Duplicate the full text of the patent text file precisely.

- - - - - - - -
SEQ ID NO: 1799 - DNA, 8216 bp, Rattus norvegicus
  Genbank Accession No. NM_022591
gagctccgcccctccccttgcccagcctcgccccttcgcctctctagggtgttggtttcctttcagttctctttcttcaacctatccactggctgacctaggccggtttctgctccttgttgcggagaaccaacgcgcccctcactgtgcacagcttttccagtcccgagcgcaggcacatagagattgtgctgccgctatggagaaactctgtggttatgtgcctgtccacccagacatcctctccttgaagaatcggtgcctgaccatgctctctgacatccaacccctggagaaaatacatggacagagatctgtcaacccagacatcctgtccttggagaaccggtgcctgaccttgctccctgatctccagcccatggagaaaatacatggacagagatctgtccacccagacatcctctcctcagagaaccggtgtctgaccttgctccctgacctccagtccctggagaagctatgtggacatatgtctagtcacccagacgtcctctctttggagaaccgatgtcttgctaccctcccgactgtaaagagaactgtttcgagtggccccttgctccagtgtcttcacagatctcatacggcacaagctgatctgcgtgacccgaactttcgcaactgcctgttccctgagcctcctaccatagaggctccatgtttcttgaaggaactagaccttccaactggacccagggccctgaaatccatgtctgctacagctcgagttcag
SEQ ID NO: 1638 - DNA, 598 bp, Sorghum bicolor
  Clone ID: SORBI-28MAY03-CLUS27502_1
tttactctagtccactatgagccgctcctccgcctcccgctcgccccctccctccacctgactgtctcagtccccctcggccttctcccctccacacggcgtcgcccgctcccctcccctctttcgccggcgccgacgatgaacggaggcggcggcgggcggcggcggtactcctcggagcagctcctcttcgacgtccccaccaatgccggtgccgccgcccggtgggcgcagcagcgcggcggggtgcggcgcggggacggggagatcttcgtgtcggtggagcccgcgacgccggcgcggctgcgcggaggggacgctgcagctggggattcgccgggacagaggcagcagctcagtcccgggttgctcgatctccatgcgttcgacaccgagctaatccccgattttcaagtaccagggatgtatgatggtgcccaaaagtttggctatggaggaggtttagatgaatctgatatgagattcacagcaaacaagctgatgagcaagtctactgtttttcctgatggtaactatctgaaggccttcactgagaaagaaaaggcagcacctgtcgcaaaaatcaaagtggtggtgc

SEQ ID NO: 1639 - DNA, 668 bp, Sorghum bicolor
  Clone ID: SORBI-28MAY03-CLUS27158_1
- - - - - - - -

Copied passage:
SEQ ID NO: 1799 - DNA, 8216 bp, Rattus norvegicus
  Genbank Accession No. NM_022591
gagctccgcccctccccttgcccagcctcgccccttcgcctctctagggtgttggtttcctttcagttctctttcttcaacctatccactggctgacctaggccggtttctgctccttgttgcggagaaccaacgcgcccctcactgtgcacagcttttccagtcccgagcgcaggcacatagagattgtgctgccgctatggagaaactctgtggttatgtgcctgtccacccagacatcctctccttgaagaatcggtgcctgaccatgctctctgacatccaacccctggagaaaatacatggacagagatctgtcaacccagacatcctgtccttggagaaccggtgcctgaccttgctccctgatctccagcccatggagaaaatacatggacagagatctgtccacccagacatcctctcctcagagaaccggtgtctgaccttgctccctgacctccagtccctggagaagctatgtggacatatgtctagtcacccagacgtcctctctttggagaaccgatgtcttgctaccctcccgactgtaaagagaactgtttcgagtggccccttgctccagtgtcttcacagatctcatacggcacaagctgatctgcgtgacccgaactttcgcaactgcctgttccctgagcctcctaccatagaggctccatgtttcttgaaggaactagaccttccaactggacccagggccctgaaatccatgtctgctacagctcgagttcag
SEQ ID NO: 1638 - DNA, 598 bp, Sorghum bicolor
  Clone ID: SORBI-28MAY03-CLUS27502_1
tttactctagtccactatgagccgctcctccgcctcccgctcgccccctccctccacctgactgtctcagtccccctcggccttctcccctccacacggcgtcgcccgctcccctcccctctttcgccggcgccgacgatgaacggaggcggcggcgggcggcggcggtactcctcggagcagctcctcttcgacgtccccaccaatgccggtgccgccgcccggtgggcgcagcagcgcggcggggtgcggcgcggggacggggagatcttcgtgtcggtggagcccgcgacgccggcgcggctgcgcggaggggacgctgcagctggggattcgccgggacagaggcagcagctcagtcccgggttgctcgatctccatgcgttcgacaccgagctaatccccgattttcaagtaccagggatgtatgatggtgcccaaaagtttggctatggaggaggtttagatgaatctgatatgagattcacagcaaacaagctgatgagcaagtctactgtttttcctgatggtaactatctgaaggccttcactgagaaagaaaaggcagcacctgtcgcaaaaatcaaagtggtggtgc

SEQ ID NO: 1639 - DNA, 668 bp, Sorghum bicolor
  Clone ID: SORBI-28MAY03-CLUS27158_1